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I need to write an expression of one byte Hamming weight in terms of binary operations only (&, ^, >>); without any loop, just a formula.

I know that there are plenty algorithms, that allow computing Hamming weight, but all of them use arithmetical operations or looping.

If we take an algorithm from http://en.wikipedia.org/wiki/Hamming_weight, then the first sum D=B+C can be written as D = B^C^(B&C << 1), but two following sums are more complicated.

Does anyone have a hint?

UPDATE: Thank you for help guys. Actually, I needed something like following:

int popcount_1(unsigned char in){

unsigned char m1  = 0x55;
unsigned char m2  = 0x33;
unsigned char m4  = 0x0f;
unsigned char B,C = 0;
unsigned char x = in;

x = (x & (x << 1) & (m1 << 1)) | (m1 & (x ^ (x >> 1)));

B = x & m2;
C = (x >>  2) & m2;
x = B ^ C ^ ((B & C) << 1);

B = (x & m4 ) ^ ((x >>  4) & m4);
C = (x & ((x >>  4) & m4)) << 1;
x = B ^ C ^ ((B & C) << 1);
return x;
}

This code will result in Hamming weight of variable in. It does not contain any +, -, or comparison instructions and it can work on 8bits microcontrollers. Nevertheless, it takes more operations than most of other solutions. Now, I am trying to simplify it.

UPDATE2: Another solution, based on 64 bits registers, is proposed by @Evgeny Kluev

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2  
Is this homework? –  Poindexter Mar 30 '12 at 15:36
2  
Nop, it is not. I am doing it to derive an analytic expression to optimise a key search in differential power analysis attack, based on Hamming weight/distance. Actually, I have almost found this expression, so I will post it soon. –  Roman Mar 30 '12 at 15:49
1  
I'm not sure I understand, if it's just for optimization neither of these two constraints should exist and you'd need "whatever way is the fastest" (which is heavily platform-dependent) –  harold Mar 30 '12 at 17:40
1  
The fastest byte-sized popcount on x86, assuming the bytes are in contiguous memory, is with a pshufb trick: wm.ite.pl/articles/sse-popcount.html –  harold Mar 30 '12 at 20:40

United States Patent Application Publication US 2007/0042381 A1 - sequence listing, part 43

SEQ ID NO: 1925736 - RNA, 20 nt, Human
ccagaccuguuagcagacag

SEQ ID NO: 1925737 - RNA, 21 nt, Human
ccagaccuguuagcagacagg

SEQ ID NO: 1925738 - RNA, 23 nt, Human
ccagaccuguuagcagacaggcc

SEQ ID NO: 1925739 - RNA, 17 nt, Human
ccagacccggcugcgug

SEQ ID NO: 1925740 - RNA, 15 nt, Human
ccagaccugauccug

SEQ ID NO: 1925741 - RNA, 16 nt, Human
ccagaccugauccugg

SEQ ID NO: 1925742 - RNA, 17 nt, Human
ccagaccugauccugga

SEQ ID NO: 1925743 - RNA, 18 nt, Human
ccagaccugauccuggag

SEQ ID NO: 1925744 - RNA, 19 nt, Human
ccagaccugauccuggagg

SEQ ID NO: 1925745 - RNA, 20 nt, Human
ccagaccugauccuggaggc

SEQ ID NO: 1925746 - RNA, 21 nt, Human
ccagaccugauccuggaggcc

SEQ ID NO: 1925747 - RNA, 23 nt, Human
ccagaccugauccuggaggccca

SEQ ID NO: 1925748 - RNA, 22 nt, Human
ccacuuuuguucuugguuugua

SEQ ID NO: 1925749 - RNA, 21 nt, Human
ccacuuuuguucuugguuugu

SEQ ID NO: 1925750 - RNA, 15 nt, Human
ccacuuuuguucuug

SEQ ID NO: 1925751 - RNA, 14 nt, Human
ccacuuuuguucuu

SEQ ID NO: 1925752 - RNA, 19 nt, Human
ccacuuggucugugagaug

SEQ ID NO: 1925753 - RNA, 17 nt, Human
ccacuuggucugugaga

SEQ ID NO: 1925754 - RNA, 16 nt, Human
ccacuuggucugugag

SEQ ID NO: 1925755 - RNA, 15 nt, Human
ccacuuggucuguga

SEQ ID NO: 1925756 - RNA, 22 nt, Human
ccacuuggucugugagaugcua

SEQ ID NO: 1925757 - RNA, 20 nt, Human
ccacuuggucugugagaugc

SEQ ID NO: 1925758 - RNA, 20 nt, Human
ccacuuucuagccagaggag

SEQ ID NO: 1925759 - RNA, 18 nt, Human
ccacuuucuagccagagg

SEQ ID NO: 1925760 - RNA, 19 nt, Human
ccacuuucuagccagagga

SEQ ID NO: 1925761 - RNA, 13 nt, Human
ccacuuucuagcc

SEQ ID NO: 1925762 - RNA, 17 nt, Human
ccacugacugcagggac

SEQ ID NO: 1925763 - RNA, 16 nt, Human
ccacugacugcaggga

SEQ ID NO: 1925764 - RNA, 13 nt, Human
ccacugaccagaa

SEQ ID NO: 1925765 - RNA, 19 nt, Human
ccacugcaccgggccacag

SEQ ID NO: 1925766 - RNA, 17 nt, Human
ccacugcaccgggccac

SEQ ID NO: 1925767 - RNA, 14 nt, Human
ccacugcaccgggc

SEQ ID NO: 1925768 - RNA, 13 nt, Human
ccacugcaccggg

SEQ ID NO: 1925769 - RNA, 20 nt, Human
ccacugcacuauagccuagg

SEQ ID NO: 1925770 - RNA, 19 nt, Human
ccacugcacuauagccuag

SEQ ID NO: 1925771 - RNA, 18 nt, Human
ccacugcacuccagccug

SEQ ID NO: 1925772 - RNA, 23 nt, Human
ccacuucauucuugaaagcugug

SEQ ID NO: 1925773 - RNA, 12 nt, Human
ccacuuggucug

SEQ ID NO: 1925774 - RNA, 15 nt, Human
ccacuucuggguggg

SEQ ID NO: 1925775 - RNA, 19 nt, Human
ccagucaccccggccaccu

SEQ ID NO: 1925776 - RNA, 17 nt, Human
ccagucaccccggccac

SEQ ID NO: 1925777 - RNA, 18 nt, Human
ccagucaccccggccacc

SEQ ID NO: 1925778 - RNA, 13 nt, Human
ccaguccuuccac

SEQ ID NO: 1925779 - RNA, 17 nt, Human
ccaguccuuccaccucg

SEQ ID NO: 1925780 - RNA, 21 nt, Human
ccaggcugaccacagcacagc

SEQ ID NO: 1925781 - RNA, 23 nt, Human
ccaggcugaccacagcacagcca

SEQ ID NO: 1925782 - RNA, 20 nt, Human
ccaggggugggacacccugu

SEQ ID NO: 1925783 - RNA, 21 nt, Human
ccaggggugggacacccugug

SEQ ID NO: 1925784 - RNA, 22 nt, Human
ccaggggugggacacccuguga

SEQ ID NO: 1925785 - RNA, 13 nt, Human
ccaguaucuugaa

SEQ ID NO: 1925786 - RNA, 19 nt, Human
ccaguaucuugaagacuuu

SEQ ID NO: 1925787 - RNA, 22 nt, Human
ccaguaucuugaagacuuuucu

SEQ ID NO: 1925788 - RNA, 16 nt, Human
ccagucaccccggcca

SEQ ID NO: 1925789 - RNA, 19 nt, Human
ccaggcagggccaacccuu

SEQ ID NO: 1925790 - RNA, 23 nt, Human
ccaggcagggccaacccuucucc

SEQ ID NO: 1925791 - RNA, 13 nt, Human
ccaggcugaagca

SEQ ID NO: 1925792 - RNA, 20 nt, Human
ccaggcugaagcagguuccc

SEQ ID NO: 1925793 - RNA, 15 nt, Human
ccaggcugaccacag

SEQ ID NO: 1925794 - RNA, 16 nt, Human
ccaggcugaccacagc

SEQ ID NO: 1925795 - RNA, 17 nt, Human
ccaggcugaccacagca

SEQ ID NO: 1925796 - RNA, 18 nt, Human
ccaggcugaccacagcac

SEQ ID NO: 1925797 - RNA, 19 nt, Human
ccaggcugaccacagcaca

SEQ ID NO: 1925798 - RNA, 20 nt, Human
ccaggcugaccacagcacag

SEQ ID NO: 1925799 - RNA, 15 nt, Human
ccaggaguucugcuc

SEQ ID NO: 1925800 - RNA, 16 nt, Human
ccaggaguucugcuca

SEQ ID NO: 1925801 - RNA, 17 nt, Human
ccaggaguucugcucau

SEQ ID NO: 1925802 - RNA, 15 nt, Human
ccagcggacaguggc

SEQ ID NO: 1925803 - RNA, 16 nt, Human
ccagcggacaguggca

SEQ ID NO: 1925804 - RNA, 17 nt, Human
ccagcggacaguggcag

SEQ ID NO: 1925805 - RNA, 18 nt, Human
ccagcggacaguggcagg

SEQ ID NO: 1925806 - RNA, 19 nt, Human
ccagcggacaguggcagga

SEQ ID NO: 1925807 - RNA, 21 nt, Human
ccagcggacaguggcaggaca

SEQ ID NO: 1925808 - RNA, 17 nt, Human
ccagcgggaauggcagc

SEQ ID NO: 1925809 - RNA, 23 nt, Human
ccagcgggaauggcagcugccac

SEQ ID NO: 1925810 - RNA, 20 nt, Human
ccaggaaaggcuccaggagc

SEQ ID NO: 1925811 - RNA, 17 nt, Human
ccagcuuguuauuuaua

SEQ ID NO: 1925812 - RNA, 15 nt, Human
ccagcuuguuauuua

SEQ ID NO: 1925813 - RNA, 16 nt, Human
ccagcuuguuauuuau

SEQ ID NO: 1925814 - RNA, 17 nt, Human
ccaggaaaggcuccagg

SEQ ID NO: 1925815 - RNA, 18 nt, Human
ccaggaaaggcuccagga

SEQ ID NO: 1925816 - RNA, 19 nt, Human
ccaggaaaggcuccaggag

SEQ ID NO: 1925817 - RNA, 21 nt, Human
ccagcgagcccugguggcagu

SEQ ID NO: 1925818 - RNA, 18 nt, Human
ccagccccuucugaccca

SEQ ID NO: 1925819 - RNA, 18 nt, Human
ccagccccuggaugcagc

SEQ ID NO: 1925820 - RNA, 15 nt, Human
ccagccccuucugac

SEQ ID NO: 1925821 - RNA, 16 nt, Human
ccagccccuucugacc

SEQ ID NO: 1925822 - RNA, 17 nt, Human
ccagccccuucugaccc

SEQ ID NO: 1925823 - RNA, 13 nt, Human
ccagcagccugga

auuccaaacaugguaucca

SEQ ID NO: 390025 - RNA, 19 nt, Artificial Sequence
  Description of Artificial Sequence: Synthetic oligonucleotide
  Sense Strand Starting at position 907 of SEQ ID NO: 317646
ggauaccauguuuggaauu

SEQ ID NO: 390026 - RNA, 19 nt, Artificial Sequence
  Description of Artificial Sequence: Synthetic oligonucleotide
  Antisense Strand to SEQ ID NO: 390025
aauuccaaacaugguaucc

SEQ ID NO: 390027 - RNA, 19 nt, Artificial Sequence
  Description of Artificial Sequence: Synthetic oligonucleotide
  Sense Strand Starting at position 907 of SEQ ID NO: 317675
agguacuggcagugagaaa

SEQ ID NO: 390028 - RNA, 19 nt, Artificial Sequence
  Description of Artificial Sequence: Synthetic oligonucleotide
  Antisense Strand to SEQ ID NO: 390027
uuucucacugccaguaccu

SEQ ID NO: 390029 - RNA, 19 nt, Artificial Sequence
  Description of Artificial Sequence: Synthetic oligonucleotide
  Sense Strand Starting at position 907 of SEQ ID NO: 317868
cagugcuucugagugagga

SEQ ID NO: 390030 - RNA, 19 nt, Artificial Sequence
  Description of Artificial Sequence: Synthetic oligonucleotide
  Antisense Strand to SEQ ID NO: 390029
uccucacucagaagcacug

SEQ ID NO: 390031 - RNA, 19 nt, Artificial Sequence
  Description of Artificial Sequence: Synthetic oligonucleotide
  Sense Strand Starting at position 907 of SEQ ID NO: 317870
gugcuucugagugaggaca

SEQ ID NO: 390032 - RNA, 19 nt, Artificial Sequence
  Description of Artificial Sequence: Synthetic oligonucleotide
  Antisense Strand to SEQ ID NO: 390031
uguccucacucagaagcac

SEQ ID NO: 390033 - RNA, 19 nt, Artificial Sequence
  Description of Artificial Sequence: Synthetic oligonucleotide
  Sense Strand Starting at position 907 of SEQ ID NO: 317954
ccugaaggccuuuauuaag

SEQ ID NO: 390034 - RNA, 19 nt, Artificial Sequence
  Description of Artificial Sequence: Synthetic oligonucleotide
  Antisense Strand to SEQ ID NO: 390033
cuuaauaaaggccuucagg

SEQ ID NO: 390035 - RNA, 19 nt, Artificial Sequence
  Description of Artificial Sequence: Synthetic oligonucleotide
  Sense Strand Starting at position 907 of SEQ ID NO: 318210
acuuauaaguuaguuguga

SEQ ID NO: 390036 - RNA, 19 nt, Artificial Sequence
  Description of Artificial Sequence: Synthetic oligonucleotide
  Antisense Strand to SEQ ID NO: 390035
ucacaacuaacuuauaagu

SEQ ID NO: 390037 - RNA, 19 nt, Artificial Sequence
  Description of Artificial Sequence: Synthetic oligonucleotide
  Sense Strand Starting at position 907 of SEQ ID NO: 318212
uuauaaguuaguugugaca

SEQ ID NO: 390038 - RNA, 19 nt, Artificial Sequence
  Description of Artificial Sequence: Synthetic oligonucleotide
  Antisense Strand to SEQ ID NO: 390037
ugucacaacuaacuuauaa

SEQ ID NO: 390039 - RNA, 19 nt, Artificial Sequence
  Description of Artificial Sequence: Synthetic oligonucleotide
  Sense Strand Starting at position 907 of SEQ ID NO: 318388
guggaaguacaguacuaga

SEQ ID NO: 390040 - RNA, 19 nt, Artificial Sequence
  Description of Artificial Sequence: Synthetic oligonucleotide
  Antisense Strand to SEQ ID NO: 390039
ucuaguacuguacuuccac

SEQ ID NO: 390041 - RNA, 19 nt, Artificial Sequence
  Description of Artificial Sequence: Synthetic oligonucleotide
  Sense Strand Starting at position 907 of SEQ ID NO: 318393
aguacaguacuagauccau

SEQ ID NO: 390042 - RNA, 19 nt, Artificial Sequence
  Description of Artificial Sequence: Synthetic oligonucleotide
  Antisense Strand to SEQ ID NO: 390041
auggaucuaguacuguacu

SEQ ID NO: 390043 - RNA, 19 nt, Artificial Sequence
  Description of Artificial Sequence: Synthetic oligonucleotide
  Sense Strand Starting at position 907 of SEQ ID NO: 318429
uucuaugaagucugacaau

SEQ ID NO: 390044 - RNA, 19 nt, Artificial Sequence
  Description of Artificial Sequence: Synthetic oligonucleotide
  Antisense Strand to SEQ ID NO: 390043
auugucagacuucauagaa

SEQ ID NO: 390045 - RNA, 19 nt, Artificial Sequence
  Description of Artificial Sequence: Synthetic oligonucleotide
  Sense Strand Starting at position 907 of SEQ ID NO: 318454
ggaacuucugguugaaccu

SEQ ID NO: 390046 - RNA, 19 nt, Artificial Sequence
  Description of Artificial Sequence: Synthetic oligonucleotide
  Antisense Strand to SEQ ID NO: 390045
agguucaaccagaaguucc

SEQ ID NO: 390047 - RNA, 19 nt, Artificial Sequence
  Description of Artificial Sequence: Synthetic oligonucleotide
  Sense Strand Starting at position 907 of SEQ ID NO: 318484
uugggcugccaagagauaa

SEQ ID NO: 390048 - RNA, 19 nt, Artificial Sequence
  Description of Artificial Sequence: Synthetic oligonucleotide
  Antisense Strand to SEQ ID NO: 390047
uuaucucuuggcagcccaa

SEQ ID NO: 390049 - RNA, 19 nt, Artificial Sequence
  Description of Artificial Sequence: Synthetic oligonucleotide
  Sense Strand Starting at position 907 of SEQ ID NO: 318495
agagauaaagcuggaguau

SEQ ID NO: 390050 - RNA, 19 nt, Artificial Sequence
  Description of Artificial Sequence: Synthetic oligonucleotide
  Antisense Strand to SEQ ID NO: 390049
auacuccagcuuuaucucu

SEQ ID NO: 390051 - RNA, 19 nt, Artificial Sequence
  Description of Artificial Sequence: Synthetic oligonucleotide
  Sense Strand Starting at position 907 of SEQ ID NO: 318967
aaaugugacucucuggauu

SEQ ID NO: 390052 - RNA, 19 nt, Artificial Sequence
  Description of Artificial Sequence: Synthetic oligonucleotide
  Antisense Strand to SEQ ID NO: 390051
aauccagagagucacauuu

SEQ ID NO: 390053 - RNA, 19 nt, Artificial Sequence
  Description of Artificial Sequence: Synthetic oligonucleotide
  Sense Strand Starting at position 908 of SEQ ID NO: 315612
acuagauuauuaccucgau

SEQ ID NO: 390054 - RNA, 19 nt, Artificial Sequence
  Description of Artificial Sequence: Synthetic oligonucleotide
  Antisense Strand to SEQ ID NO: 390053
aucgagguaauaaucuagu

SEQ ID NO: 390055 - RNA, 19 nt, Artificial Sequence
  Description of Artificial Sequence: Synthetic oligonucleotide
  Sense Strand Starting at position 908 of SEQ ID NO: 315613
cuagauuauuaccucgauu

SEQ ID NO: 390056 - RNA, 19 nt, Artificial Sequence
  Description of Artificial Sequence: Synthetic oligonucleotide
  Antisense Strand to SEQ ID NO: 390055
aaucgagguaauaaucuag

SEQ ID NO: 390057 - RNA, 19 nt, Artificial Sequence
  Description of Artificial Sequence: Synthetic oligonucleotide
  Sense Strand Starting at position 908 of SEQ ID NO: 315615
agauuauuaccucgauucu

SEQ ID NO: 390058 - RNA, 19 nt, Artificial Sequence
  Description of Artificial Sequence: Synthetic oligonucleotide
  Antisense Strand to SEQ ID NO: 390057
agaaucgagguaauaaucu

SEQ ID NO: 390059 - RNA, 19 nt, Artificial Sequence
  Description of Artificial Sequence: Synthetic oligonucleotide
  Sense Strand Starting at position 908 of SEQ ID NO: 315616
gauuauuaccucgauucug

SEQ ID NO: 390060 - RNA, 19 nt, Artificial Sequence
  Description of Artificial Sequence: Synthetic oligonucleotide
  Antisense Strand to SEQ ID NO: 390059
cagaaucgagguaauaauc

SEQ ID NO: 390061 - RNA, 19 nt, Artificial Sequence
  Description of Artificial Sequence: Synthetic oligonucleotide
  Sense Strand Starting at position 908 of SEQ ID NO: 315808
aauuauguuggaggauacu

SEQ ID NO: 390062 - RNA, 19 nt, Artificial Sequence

@harold Thank you for the link, it was useful. –  Roman Apr 1 '12 at 18:16

2 Answers 2

up vote 2 down vote accepted

I'm not sure if this is what you search for, but here is just a formula using only shifts and bitwise and:

int weight(unsigned char x)
{
  return ((0x876543210 >>
    (((0x4332322132212110 >> ((x & 0xF) << 2)) & 0xF) << 2)) >>
    ((0x4332322132212110 >> (((x & 0xF0) >> 2)) & 0xF) << 2))
    & 0xf;
}

Here shift operation is twice used as a substitute for array indexing (to find 4-bit hamming weights). And one more shift operation uses array indexing to perform addition.

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Wow!!! It is exactly what I am looking for. –  Roman Apr 1 '12 at 18:18
    
@Evgeny kluev Could you please explain it a bit more. Can such an expression be used to calculate the hamming weight of 64 bit vector? –  Abhishek Jan 21 '13 at 18:07
    
@abhiitd.cs: Such an expression is only useful to calculate Hamming weight of 8-bit word (with pretty strong limitations specified in OP). If you need Hamming weight of 64 bit vector (with the same limitations), you could use the same idea, but the the resulting expression would be much more complicated. If you don't need these limitations, it is more reasonable to extend to 64 bits the solutions for this question: How to count the number of set bits in a 32-bit integer? –  Evgeny Kluev Jan 21 '13 at 18:34
    
@EvgenyKluev Thanks a lot for your reply. I have actually gone through that link and additionally, I found this paper Hamming Weight which explains injections to do it in a better parallel way. Actually I have to do a hamming weight calculation of 256 bits, in most efficient way, as it is in the critical path of my hardware design. So I was looking for most efficient solution and your solution looked appalling to me. :) –  Abhishek Jan 22 '13 at 17:28
    
@abhiitd.cs I think it's easier to do in hardware, you can avoid shifts and masks, and use simple adders, half of which don't need carry bits –  Sophistifunk Apr 10 '13 at 4:57

I think the best you can do is O(log n). Here is code (in Go) for the pop-count of a 32-bit integer. Extending this to 64-bits should be obvious if you need it, hopefully the comments make it clear what is actually going on:

func popCount(n uint32) int {
  // each bit in n is a one-bit integer that indicates how many bits are set
  // in that bit.

  n = ((n & 0xAAAAAAAA) >> 1) + (n & 0x55555555)
  // Now every two bits are a two bit integer that indicate how many bits were
  // set in those two bits in the original number

  n = ((n & 0xCCCCCCCC) >> 2) + (n & 0x33333333)
  // Now we're at 4 bits

  n = ((n & 0xF0F0F0F0) >> 4) + (n & 0x0F0F0F0F)
  // 8 bits

  n = ((n & 0xFF00FF00) >> 8) + (n & 0x00FF00FF)
  // 16 bits

  n = ((n & 0xFFFF0000) >> 16) + (n & 0x0000FFFF)
  // kaboom - 32 bits

  return int(n)
}
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